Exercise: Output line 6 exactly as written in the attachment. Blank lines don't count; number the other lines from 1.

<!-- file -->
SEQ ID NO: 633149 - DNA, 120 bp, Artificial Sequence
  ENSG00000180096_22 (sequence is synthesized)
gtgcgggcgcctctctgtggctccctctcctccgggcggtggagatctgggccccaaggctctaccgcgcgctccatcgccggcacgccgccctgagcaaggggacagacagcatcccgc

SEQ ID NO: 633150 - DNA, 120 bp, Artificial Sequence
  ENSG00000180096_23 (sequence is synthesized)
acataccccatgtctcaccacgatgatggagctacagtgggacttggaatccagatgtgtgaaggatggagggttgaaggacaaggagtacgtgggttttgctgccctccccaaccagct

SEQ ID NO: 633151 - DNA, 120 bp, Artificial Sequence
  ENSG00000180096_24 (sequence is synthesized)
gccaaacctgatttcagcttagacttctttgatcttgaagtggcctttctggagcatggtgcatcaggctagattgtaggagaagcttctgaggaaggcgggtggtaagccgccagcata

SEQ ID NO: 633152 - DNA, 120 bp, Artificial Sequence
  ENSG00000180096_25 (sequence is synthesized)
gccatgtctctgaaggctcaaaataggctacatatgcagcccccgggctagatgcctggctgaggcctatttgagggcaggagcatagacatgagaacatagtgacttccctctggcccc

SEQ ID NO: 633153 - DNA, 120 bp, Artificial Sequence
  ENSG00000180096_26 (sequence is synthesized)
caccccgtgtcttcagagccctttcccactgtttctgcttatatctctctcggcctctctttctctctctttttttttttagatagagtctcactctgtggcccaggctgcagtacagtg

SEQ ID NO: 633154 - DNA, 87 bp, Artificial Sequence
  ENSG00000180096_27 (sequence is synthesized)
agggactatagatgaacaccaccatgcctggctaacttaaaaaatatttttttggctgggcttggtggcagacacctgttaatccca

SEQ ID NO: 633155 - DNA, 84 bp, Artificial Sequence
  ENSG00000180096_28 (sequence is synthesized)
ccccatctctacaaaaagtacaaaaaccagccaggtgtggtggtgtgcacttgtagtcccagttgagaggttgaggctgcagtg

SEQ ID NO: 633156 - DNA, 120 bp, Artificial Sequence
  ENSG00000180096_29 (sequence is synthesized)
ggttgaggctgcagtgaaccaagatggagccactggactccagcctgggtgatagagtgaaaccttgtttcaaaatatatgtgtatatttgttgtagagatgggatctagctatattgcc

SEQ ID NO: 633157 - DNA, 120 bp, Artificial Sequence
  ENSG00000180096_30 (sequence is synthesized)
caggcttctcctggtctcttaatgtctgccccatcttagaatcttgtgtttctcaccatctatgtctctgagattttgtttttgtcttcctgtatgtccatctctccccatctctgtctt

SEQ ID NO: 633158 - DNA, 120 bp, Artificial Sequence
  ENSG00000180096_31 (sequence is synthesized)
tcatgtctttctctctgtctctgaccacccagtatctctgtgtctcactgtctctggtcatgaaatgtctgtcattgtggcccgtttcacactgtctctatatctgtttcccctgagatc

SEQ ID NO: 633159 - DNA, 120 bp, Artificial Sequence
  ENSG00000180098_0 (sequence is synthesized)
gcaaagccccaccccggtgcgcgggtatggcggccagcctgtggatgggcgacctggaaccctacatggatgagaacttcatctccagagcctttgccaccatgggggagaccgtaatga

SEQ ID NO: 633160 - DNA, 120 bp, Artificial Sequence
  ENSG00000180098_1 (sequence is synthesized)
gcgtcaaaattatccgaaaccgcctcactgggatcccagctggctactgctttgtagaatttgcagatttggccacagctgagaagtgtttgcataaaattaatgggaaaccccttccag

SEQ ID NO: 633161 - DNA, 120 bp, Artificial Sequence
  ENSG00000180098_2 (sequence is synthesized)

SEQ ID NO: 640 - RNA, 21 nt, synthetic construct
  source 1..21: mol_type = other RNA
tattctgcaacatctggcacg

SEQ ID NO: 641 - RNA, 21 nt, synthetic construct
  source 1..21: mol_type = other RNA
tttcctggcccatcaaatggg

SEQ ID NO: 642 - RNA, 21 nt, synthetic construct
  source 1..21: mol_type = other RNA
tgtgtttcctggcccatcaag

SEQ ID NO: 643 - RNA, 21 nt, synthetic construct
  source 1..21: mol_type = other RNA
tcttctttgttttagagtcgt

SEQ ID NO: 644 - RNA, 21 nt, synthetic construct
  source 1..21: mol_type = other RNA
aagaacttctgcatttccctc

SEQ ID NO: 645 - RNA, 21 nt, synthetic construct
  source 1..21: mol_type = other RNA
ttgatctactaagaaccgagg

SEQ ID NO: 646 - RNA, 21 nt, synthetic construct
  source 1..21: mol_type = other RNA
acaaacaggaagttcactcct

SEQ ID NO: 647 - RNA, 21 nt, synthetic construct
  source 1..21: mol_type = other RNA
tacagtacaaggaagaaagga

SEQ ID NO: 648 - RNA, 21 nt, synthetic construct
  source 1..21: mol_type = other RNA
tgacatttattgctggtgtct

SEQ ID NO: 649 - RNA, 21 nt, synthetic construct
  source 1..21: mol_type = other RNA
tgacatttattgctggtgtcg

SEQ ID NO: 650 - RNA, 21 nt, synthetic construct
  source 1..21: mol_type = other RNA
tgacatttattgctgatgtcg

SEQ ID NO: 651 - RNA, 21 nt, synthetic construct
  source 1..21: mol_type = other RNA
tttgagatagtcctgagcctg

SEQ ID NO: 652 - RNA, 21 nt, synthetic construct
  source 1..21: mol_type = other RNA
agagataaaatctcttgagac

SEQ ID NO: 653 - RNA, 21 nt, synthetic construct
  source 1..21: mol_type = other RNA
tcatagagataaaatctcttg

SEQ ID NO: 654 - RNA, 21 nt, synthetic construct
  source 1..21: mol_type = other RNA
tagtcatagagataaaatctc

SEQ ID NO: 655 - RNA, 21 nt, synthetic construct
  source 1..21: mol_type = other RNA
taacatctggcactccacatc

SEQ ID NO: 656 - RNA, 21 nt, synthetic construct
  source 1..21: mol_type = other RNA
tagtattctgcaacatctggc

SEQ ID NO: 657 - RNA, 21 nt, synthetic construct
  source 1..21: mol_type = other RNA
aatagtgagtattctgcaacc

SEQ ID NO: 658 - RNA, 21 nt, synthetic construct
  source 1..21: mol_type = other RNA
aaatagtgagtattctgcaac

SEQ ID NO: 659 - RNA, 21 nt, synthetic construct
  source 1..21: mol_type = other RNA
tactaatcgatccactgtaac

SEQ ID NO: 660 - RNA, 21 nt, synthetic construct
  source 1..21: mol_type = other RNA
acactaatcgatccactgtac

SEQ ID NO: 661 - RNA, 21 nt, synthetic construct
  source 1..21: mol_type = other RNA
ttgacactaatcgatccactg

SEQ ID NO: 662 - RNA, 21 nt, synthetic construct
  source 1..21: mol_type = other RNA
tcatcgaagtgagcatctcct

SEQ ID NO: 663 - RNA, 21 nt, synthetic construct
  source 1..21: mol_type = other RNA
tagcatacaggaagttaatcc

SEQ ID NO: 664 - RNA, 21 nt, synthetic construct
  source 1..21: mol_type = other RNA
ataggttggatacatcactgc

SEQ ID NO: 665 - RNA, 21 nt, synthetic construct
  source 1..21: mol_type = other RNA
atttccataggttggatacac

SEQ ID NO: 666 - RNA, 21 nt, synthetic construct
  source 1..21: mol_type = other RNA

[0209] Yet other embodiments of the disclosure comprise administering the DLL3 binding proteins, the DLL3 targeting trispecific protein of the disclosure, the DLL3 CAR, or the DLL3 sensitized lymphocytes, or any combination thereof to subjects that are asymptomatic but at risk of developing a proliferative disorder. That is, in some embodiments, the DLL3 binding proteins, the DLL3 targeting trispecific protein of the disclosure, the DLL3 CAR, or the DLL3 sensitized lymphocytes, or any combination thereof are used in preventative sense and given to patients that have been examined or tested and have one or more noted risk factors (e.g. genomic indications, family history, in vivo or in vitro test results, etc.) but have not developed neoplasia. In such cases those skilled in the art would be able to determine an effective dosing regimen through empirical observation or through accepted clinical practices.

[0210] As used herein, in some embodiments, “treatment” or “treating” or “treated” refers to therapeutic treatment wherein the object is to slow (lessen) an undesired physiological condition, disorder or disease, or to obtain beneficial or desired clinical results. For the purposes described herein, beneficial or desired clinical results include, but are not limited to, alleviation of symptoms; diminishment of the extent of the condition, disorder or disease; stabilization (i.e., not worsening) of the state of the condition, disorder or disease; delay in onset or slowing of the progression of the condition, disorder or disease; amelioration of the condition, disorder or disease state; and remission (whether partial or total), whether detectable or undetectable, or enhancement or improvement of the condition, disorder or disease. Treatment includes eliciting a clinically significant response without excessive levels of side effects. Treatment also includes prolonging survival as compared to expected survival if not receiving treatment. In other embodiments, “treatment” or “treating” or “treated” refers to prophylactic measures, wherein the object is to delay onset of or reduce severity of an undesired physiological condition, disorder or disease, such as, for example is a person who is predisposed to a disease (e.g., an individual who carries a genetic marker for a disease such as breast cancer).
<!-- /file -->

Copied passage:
acataccccatgtctcaccacgatgatggagctacagtgggacttggaatccagatgtgtgaaggatggagggttgaaggacaaggagtacgtgggttttgctgccctccccaaccagct